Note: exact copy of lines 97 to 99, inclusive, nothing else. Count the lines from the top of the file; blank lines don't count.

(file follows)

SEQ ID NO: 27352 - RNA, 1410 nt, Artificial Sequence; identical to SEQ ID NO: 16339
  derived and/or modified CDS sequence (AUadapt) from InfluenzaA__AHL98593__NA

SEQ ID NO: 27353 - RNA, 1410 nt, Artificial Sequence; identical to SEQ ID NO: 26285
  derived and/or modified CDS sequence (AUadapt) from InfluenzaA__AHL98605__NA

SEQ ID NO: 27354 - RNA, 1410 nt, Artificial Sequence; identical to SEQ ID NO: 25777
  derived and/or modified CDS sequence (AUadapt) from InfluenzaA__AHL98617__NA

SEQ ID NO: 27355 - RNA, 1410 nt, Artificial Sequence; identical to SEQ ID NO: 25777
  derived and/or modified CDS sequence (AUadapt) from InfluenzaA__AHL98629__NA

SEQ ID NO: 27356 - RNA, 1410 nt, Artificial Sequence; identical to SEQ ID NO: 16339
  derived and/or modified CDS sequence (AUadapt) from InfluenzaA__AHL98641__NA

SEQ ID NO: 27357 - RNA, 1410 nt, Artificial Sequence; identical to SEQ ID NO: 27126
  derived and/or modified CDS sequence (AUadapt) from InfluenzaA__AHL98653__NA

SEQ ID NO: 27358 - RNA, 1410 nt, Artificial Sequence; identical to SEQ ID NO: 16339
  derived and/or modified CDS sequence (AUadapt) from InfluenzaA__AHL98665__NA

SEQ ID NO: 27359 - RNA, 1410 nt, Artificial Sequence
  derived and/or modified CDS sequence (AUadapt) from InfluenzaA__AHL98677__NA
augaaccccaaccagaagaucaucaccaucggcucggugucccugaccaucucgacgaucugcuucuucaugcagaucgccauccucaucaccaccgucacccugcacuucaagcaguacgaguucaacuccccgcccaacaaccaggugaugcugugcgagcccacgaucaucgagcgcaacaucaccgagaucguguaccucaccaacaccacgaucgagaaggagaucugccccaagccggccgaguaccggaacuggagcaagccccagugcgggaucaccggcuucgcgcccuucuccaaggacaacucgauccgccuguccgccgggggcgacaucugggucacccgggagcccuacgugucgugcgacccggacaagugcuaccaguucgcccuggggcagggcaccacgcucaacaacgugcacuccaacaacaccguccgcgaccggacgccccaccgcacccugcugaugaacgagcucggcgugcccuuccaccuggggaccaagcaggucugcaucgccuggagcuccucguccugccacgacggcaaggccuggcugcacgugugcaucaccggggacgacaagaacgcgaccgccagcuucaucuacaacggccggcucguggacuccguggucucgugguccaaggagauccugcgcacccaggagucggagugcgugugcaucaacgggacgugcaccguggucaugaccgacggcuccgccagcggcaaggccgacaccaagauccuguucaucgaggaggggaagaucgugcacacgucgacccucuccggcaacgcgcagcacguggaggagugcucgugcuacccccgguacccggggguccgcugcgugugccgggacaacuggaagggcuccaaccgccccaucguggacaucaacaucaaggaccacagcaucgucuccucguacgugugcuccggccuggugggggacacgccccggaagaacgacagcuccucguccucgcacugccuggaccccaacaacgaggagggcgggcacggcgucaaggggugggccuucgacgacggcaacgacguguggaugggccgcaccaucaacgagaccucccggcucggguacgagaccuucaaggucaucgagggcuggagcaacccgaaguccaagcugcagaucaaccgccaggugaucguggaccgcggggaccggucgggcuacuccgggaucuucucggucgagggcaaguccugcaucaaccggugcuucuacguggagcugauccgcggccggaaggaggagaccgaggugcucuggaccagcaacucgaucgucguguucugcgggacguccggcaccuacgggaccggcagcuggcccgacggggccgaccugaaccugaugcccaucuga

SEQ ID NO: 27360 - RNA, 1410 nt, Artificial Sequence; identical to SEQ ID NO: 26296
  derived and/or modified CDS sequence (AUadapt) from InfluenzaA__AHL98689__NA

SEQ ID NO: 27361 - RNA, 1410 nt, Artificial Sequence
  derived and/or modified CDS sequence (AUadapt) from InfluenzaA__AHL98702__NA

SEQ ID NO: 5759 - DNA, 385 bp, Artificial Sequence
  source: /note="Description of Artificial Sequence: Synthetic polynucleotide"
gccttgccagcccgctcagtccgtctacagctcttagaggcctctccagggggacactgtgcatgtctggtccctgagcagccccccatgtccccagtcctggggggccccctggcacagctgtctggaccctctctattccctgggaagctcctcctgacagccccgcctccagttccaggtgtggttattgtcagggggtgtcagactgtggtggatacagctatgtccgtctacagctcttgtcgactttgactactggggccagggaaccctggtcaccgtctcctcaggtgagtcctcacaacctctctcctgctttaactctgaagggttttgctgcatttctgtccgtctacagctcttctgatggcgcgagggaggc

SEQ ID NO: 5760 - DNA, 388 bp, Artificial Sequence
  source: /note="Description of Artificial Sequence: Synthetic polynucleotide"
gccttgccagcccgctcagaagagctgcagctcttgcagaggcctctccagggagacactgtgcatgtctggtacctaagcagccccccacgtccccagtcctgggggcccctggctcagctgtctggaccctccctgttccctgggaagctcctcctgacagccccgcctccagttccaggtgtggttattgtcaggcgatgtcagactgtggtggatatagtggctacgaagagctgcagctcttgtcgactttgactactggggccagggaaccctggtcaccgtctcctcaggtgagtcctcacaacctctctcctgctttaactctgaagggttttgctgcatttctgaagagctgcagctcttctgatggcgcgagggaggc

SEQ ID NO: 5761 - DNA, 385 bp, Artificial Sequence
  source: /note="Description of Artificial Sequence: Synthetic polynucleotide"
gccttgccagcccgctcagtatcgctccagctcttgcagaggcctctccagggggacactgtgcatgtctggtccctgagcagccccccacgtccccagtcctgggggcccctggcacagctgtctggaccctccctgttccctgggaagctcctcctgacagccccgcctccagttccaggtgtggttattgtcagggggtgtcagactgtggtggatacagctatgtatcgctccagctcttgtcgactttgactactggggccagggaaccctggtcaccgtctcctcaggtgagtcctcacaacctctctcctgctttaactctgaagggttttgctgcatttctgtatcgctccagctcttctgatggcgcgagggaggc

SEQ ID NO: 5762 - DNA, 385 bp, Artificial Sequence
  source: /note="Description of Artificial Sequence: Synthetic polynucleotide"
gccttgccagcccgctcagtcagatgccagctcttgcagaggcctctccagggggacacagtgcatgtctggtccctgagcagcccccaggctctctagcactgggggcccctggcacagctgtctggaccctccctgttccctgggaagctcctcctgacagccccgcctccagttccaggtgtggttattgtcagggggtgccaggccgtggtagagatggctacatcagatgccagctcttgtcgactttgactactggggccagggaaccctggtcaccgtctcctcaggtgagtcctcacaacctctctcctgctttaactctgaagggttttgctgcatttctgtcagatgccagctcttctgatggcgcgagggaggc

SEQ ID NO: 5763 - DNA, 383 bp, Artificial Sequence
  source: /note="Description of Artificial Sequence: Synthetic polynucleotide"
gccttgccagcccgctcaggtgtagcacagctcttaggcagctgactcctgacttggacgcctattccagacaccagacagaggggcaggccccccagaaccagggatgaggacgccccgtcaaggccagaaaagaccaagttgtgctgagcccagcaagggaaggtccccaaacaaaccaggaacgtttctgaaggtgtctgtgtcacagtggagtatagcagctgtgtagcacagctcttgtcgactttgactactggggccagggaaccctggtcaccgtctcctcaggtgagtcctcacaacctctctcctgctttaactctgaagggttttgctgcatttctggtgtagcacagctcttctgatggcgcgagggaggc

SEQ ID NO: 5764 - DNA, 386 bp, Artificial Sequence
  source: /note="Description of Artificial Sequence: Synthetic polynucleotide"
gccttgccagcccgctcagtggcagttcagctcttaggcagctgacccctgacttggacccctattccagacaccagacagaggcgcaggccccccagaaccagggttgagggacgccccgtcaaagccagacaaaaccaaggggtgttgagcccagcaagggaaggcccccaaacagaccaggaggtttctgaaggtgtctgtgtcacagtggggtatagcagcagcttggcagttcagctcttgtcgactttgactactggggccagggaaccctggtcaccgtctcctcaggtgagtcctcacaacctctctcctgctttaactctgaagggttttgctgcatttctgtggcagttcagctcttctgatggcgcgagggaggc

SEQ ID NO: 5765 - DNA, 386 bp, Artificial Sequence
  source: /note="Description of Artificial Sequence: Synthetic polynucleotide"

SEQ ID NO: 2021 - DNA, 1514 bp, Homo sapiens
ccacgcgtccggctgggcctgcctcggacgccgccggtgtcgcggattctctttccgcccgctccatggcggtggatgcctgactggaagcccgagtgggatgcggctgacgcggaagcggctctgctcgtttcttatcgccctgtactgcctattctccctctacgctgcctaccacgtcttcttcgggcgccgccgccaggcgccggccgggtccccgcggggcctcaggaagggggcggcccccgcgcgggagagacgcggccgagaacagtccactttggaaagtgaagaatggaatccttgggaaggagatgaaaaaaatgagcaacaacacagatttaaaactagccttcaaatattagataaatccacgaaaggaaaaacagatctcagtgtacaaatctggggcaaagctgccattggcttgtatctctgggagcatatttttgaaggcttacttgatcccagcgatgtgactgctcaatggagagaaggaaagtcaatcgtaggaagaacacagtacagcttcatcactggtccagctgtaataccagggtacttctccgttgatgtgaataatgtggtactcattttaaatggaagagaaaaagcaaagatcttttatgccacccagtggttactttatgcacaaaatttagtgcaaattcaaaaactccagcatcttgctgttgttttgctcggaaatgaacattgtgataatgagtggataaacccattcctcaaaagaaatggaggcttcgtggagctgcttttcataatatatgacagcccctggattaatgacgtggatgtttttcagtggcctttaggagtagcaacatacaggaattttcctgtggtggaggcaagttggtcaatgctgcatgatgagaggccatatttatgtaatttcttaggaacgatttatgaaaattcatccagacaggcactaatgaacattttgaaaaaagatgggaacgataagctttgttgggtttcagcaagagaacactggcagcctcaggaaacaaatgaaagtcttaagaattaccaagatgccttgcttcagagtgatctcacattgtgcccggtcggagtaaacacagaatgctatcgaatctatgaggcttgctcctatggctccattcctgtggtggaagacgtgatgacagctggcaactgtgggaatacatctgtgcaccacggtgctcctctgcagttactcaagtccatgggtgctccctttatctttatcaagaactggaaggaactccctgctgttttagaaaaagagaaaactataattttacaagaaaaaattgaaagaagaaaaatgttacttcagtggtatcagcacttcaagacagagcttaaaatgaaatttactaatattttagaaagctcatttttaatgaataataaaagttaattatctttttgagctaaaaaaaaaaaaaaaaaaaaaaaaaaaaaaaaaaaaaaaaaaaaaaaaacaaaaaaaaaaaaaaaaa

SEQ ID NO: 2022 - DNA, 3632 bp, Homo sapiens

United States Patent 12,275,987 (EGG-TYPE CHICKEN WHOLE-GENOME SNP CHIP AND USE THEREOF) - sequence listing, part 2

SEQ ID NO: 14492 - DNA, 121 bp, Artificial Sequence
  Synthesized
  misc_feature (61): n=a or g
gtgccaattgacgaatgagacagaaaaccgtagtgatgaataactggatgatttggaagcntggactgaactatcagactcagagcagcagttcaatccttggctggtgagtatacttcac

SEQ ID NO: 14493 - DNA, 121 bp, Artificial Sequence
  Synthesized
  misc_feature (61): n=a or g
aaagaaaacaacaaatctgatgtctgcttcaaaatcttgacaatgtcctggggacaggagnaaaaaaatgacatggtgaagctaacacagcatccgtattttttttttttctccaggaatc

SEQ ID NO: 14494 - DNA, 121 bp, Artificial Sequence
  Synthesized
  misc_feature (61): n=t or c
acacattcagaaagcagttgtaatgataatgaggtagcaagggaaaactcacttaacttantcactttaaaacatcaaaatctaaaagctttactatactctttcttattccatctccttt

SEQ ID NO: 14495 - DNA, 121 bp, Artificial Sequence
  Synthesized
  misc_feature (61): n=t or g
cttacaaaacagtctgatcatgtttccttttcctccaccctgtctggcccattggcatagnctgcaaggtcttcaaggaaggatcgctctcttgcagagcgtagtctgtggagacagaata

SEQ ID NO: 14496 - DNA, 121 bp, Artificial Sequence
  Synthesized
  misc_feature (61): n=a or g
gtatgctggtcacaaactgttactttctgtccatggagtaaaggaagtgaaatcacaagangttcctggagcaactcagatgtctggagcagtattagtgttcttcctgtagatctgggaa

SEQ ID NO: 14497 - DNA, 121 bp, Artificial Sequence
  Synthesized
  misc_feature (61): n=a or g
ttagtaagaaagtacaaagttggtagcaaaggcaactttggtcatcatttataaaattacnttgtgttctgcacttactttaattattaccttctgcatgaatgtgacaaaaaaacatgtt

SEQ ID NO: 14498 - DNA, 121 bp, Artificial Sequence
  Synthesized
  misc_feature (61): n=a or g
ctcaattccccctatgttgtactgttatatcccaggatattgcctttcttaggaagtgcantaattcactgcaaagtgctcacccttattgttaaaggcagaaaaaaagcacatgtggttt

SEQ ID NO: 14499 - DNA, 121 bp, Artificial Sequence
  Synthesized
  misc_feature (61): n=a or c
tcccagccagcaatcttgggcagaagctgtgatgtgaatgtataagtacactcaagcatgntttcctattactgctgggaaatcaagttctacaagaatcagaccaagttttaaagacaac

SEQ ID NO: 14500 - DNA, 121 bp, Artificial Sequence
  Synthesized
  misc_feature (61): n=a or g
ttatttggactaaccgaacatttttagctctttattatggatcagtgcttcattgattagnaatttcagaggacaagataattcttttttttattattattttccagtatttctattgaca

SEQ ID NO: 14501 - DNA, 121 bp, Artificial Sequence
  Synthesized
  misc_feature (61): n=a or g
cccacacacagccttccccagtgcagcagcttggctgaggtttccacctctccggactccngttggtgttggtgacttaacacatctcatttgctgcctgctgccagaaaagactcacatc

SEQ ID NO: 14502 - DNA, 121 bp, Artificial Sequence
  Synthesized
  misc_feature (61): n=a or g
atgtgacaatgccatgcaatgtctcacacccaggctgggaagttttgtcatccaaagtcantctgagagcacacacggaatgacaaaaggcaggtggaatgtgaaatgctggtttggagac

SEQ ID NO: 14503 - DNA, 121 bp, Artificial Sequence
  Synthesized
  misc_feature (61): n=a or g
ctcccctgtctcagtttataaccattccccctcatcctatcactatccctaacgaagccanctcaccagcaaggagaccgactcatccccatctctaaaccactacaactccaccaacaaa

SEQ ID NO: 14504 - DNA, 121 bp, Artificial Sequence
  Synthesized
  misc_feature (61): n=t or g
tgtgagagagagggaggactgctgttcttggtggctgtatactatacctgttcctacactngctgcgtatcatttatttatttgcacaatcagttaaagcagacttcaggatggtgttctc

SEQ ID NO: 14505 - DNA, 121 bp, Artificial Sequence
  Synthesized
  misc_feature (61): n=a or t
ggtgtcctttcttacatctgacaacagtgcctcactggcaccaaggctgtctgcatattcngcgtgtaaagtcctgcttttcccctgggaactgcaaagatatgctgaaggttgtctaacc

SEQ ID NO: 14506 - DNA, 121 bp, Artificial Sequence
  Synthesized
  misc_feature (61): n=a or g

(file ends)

tgtgagagagagggaggactgctgttcttggtggctgtatactatacctgttcctacactngctgcgtatcatttatttatttgcacaatcagttaaagcagacttcaggatggtgttctc

SEQ ID NO: 14505 - DNA, 121 bp, Artificial Sequence
  Synthesized